Imagine what would happen to your team dynamics if your employees focused on professional communication. The ability to communicate with someone else in the way they best communicate is a valuable skill that goes a long way toward creating a highly functioning team. Now, imagine that your team communicates well and has the ability to see things from other people’s perspectives. It would alleviate the knee-jerk reactions of assuming a co-worker is being an a*$, instead of trying to understand where they’re coming from. Not only that, but they’re reflecting on their communication and relationships with their co-workers to learn how to better work with them in the future. In an environment that welcomes safe communication between team members, they feel safer asking for help, and teaching and learning from each other, which builds a bond of trust based on their skill set, vulnerability, and passion for the best care of the patients together.

Increased client satisfaction

How many times have you been frustrated with a client during an estimate review or a discharge because they “just don’t get it”? Now, picture a difficult client conversation you’ve had that, despite the circumstances, went really well for everyone—it just clicked. What if you could strive to make most of your difficult client conversations click like that? Each time we communicate with a client, we learn something about their communication style and about ourselves. Again, looking at something from someone else’s perspective and learning how you can do it better next time will deepen your relationships and level of trust with your clients. It will open them up to learning from your team and trusting your expertise.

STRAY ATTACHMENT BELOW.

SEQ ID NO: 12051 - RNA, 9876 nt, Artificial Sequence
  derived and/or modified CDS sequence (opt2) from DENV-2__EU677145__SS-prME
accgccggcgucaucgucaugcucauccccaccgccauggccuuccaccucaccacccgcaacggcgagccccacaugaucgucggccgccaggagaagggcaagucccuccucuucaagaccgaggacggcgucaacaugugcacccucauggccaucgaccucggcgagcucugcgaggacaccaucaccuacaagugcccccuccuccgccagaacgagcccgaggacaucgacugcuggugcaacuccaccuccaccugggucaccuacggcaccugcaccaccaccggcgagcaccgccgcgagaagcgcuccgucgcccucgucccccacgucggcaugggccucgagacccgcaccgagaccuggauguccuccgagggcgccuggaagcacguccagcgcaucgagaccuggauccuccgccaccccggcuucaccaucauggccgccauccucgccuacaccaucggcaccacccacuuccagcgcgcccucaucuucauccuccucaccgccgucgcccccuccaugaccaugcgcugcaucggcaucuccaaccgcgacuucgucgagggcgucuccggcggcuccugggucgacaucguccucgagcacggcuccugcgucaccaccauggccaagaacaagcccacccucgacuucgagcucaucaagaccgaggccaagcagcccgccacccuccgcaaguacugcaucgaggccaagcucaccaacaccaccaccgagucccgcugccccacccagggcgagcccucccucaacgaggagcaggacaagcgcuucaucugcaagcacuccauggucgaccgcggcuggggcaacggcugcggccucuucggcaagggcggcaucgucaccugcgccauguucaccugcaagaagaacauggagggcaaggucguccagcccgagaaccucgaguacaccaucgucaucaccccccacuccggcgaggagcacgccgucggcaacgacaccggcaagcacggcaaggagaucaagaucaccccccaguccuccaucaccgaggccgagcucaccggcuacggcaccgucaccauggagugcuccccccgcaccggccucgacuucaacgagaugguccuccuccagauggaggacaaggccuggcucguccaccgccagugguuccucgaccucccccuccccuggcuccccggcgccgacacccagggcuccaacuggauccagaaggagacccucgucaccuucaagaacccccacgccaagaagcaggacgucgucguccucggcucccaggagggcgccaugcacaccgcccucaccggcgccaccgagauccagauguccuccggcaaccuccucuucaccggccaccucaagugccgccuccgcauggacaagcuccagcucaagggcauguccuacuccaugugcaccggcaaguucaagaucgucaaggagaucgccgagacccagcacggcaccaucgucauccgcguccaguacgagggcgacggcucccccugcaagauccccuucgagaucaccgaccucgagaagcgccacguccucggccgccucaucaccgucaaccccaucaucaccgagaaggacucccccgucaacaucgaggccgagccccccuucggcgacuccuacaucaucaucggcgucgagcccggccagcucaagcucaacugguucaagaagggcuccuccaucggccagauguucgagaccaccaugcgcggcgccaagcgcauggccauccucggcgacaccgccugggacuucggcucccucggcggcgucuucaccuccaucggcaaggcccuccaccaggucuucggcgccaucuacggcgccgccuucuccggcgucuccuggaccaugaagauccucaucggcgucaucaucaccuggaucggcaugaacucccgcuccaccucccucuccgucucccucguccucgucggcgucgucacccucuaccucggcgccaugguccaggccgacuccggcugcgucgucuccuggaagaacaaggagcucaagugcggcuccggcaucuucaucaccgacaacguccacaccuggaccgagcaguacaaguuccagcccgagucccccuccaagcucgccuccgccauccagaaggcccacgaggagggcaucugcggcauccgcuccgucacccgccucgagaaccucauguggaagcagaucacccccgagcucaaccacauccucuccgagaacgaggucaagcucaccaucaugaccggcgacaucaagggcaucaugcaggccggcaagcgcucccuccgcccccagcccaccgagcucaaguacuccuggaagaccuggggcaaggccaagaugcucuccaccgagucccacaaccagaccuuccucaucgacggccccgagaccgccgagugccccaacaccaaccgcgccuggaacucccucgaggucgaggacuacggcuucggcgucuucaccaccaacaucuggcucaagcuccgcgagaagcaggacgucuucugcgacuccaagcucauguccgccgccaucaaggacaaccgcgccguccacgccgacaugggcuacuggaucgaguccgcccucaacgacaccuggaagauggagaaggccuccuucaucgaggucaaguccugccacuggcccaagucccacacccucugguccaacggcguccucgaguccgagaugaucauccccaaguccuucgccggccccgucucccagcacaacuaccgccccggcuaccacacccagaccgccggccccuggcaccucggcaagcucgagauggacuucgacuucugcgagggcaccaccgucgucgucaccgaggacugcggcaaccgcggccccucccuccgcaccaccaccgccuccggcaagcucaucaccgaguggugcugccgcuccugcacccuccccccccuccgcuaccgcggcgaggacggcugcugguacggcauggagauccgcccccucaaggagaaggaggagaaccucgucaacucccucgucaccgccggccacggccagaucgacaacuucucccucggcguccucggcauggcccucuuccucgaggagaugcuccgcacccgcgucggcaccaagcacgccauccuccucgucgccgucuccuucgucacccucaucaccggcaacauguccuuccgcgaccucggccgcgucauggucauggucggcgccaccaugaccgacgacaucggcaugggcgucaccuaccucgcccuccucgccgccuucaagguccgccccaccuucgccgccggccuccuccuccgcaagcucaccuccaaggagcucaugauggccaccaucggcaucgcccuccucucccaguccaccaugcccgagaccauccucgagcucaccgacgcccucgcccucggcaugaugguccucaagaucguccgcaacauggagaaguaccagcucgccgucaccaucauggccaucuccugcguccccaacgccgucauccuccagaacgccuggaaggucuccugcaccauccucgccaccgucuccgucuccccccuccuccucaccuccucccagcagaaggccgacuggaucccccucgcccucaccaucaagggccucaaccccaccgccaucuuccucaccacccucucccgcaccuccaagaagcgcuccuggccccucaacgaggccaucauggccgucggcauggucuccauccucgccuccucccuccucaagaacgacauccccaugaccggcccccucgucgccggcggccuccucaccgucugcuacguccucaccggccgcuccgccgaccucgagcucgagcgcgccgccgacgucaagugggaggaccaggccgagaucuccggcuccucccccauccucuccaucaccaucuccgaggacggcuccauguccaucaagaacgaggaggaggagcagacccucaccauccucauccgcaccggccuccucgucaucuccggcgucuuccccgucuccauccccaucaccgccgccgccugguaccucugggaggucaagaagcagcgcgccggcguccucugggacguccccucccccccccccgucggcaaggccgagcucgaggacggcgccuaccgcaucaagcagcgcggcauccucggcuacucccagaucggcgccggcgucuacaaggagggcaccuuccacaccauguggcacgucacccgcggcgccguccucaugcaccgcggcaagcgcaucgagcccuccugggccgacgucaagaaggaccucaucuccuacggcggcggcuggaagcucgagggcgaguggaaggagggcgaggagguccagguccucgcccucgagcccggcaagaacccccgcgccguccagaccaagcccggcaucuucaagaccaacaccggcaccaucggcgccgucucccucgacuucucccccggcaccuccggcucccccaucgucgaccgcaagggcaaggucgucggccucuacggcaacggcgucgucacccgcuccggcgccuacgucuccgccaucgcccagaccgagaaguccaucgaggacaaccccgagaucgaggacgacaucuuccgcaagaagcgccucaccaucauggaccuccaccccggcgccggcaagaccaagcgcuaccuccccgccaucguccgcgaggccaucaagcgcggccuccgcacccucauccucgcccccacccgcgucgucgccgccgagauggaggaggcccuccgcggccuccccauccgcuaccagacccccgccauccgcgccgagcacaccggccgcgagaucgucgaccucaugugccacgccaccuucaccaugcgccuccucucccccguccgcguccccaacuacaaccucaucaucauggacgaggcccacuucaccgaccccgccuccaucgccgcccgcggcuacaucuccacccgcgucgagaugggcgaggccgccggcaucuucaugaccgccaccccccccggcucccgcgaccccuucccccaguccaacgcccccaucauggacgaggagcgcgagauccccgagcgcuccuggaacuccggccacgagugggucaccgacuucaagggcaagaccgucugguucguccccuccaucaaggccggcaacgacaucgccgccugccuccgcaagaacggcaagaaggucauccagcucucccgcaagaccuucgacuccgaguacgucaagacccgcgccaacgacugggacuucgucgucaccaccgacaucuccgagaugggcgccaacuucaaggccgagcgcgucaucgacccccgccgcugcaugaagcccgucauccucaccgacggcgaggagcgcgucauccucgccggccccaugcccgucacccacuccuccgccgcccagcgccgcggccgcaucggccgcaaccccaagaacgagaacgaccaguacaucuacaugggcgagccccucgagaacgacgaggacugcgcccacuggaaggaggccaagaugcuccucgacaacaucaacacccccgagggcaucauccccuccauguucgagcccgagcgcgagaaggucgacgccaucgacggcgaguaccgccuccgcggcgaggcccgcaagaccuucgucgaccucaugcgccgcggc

Increased career satisfaction for technicians

When technicians and managers can improve their communication to better understand what the employee is passionate about, what their goals are, and what their opportunities are within the hospital, we give our technicians a career path within your practice. This builds to the trust of handing off more responsibilities to technicians, and allowing them to learn new advanced technical and leadership skills, keeping them challenged and, hopefully, keeping them in the field longer. 

Better alignment with practice core values and vision

When your team can communicate well and see each other’s perspectives, they can work together to further the goals and values of the business. If clinic owners and practice managers can approach these conversations with genuine passion about their vision, they will lead a team that will not just punch in and out for their shifts, but carry the torch of the company values through the trenches of the busiest days on the floor.

Increased clinic revenue

Now, your team’s communication has improved, your clients are recognizing the excellent customer service and trust the care that your hospital is offering to their pet, and all your employees are aligned with your clinic’s values and mission. You may start to see fewer employee absences, decreased turnover, and increased client approval of estimates. Your empowered employees may bring new ideas to you for services they’re passionate about and want to begin offering your clients. Just think of all the revenue this will generate for your practice!

The benefits of training veterinary staff in professionalism, and focusing on improving this within your clinic, can lead to improved team dynamics, satisfied clients, higher job satisfaction, and increased practice revenue. As leaders in the veterinary field, we should all encourage raising the bar on veterinary professionalism to reignite the passion of our veterinary teams for the long run.

KS Headshot

Katie is a CVT, wife, mother, manager, and adventurous chef. When she’s not working at VSS (or being a mom – work in progress), she’s hiking, traveling, reading, or trying out a new hobby to see if it will stick.